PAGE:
Today is the busiest travel day of the year, with an estimated 43.4 million travelers heading home for the holidays. But some Thanksgiving travelers are getting a bit of a break this year by spending less cash to fill their gas tanks on the way to their holiday destinations.
“It’s the lowest Thanksgiving gas price we’ve seen since 2010," says central New York AAA spokeswoman Diana Dibble.
Dibble says motorists will be paying an average of $3.49 in central New York, $3.56 statewide, and $3.21 for a gallon of gas nationally. That’s down 29 cents from last year in Syracuse.
Cyberbullying has become a front and center issue for Oneida County in recent months. Now those online attacks are a punishable offense.
The newly enacted local law makes several forms of computer bullying illegal, including posting doctored images, creating a fake profile or website, and making online statements that are meant to immediately provoke another person.
Snow plows in central New York are already out treating roads ahead of the double-digit snowfall expected to fall in the next 36 hours, which is coming at a bad time for travel.
Onondaga County Transportation Commissioner Brian Donnelly said by nightfall his crews will be out in full force prepping roads. Snow and rain is expected to increase overnight and leave travelers for the Thanksgiving holiday with some hazardous conditions.
The assembly line at the F.X. Matt Brewery, maker of Saranac beer, in Utica, N.Y.
Some New York craft brewers are asking their local congressman to reduce the federal taxes on their beer so they can continue to grow.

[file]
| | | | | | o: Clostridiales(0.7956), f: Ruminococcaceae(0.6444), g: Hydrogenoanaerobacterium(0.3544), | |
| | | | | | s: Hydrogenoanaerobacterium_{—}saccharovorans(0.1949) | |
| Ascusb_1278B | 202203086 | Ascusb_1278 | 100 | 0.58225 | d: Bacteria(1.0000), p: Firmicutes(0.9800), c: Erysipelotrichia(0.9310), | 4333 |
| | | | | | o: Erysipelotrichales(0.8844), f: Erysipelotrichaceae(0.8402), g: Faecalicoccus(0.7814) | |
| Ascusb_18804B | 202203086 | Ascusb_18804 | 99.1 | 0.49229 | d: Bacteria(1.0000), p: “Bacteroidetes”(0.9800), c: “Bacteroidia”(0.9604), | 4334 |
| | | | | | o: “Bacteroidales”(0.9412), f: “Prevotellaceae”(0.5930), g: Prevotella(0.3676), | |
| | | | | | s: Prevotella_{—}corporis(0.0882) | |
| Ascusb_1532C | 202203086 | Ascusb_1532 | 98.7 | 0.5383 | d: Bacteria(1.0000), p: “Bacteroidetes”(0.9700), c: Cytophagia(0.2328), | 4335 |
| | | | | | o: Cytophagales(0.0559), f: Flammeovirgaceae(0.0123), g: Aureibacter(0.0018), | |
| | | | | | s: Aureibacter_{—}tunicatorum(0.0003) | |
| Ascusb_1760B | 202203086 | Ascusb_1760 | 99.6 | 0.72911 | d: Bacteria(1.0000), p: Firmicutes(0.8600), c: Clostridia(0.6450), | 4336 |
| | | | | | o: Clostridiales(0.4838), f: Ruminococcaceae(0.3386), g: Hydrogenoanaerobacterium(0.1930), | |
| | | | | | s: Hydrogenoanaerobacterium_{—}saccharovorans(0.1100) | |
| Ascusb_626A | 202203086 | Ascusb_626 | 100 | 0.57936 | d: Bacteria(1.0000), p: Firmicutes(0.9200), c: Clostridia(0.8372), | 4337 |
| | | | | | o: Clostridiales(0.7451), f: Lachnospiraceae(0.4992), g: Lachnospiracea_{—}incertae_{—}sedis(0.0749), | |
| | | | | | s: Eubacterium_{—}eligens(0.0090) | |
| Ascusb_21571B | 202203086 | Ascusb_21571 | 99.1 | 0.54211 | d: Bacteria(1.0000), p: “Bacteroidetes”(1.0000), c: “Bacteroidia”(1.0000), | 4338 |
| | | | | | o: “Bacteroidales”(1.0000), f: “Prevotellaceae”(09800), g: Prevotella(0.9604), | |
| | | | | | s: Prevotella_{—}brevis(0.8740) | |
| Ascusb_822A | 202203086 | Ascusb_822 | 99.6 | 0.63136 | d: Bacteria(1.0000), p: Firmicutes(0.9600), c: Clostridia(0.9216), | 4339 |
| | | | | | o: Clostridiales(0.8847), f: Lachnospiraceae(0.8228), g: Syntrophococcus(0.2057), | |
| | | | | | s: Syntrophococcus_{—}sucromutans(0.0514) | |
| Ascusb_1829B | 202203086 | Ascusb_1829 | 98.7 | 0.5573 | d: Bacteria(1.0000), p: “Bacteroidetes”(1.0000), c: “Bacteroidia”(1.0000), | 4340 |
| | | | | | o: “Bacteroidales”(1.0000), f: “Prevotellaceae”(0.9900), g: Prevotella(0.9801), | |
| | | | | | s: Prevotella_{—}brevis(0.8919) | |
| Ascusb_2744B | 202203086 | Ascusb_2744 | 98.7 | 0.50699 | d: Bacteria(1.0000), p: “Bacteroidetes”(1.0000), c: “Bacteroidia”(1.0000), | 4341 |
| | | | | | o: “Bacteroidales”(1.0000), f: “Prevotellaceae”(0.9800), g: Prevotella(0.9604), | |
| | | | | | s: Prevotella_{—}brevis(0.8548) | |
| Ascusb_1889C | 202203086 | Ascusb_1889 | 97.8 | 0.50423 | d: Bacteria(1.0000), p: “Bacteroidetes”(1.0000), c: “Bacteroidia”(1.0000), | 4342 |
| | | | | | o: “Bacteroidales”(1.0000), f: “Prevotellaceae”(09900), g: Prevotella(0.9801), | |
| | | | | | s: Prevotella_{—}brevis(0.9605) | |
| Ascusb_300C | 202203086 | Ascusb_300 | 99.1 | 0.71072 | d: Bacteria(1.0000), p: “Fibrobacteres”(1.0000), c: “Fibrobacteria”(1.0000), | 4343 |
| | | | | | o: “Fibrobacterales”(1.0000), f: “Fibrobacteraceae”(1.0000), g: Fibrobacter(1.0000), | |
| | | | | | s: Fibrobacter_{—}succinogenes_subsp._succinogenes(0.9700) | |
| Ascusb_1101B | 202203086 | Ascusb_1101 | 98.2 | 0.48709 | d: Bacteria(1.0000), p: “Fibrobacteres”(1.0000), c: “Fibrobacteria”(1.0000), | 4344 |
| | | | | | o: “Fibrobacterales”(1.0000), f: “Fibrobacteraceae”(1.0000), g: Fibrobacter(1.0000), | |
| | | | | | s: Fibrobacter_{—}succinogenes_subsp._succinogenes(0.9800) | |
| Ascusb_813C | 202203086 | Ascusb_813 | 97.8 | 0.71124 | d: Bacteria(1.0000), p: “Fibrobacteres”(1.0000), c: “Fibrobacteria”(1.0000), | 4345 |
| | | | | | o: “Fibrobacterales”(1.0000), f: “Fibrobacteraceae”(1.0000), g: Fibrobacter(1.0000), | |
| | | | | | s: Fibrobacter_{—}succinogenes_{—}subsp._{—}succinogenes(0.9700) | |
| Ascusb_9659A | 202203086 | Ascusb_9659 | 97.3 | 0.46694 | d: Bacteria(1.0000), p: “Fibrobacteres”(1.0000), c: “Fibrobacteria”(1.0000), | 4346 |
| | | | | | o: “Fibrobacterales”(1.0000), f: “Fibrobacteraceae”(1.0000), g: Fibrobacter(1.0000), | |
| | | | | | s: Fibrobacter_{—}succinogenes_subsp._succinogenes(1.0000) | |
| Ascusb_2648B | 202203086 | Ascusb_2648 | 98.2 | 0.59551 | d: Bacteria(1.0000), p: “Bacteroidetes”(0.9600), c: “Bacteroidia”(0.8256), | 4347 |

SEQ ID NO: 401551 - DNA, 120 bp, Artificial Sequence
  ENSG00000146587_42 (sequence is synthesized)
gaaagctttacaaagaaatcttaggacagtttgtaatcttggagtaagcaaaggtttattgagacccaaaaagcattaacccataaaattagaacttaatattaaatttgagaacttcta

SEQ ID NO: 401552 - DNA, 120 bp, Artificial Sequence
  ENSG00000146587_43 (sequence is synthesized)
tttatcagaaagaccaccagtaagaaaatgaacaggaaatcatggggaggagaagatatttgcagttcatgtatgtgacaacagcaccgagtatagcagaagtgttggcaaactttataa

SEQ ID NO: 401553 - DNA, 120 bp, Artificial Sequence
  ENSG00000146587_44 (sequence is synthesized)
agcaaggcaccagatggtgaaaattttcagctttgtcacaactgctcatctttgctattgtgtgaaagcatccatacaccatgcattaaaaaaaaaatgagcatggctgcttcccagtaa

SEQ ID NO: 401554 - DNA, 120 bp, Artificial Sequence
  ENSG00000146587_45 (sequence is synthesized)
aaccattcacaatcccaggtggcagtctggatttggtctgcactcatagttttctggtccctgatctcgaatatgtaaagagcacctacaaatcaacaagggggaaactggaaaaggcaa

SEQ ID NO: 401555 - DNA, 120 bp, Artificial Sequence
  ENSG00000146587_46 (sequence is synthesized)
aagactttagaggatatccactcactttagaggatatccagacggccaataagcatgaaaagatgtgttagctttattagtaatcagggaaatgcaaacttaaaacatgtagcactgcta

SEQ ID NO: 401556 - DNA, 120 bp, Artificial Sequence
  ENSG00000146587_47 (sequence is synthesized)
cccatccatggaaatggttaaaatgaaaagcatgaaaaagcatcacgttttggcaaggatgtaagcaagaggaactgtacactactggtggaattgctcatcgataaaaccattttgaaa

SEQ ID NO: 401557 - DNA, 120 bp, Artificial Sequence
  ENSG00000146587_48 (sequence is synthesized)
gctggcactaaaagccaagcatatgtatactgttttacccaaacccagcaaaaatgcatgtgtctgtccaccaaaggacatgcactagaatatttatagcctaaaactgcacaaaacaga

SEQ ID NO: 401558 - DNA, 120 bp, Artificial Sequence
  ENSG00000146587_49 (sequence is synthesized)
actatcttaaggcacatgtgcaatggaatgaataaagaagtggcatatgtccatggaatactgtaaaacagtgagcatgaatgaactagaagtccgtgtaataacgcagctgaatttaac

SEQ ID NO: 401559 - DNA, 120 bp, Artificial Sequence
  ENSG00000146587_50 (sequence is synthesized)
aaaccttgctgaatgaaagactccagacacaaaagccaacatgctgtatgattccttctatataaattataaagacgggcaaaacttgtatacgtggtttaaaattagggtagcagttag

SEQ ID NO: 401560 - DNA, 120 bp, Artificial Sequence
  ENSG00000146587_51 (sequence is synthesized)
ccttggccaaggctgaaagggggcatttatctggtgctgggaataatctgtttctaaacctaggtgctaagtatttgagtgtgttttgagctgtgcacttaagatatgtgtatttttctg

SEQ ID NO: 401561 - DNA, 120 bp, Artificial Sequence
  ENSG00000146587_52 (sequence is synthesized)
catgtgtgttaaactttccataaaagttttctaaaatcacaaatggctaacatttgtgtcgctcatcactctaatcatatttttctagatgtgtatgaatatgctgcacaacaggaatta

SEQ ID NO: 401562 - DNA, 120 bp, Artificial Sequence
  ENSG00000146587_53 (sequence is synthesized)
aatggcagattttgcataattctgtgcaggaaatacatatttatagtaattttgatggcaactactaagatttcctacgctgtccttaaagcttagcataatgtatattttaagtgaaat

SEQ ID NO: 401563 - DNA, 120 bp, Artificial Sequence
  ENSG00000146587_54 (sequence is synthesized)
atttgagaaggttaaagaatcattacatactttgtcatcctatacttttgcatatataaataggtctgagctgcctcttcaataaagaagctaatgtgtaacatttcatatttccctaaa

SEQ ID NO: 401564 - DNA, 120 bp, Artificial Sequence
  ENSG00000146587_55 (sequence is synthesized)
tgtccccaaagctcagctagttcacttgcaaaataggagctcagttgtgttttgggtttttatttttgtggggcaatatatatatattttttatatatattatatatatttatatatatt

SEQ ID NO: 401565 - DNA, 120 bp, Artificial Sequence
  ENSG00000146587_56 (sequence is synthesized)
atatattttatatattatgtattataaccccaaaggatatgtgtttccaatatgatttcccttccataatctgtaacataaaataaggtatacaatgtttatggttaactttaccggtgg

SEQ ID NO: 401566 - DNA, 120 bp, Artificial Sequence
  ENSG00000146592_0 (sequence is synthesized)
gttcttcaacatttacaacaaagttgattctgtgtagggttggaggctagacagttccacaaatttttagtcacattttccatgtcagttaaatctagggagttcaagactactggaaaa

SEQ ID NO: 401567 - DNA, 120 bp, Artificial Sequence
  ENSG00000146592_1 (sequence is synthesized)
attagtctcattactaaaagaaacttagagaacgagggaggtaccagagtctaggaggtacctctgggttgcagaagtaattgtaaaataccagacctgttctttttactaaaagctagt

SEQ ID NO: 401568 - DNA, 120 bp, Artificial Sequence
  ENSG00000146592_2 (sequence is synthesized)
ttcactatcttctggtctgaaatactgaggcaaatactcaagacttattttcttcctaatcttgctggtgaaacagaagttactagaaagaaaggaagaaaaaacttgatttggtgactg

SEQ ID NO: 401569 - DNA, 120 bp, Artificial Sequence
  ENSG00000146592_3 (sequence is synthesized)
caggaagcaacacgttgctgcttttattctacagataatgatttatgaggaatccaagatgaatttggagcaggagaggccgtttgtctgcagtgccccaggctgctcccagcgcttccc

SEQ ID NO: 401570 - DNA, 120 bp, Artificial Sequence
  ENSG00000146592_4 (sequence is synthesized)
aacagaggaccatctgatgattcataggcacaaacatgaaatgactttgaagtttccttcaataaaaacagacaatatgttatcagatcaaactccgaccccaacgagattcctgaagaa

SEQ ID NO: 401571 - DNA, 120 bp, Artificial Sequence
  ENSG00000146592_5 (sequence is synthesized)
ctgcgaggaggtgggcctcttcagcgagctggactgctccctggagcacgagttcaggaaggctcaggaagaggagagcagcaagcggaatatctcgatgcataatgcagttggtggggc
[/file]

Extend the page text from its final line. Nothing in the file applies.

The number of craft brewers in the state has risen to more than 140 in the past two decades as demand for more flavorful beers has grown. A handful of brewers met with Democratic Rep. Dan Maffei Monday at Empire Brewery in Syracuse. They had two main requests.
A reduction in the federal excise tax will help them expand, Mark Rubenstein, owner of Middle Ages Brewery, said.
Gov. Andrew Cuomo has some harsh words for state lawmakers who are fighting his commission in court regarding subpoenas that would force legislators to reveal their outside business with private legal clients.
Cuomo says state lawmakers fighting the subpoenas are acting like they are concealing something.
“Those that have nothing to hide, disclose,” Cuomo said. “Those that don’t, have an issue.”
Is Gov. Andrew Cuomo backing away from his support for the new Common Core curriculum in schools? In recent days, Cuomo seems to have cooled from his initial endorsement of the rapid transition to the adoption of the national education standards.
Everywhere Cuomo goes these days, he’s dogged by questions from reporters about what’s widely perceived as a rocky start up for New York state’s adoption of the new national Common Core standards for school children.
Cuomo was asked essentially the same question in recent days in stops from Buffalo to Lake Placid.
Leaders of the New York state legislature are in court fighting a request from Gov. Andrew Cuomo’s ethics commission that they turn over details about their private law clients.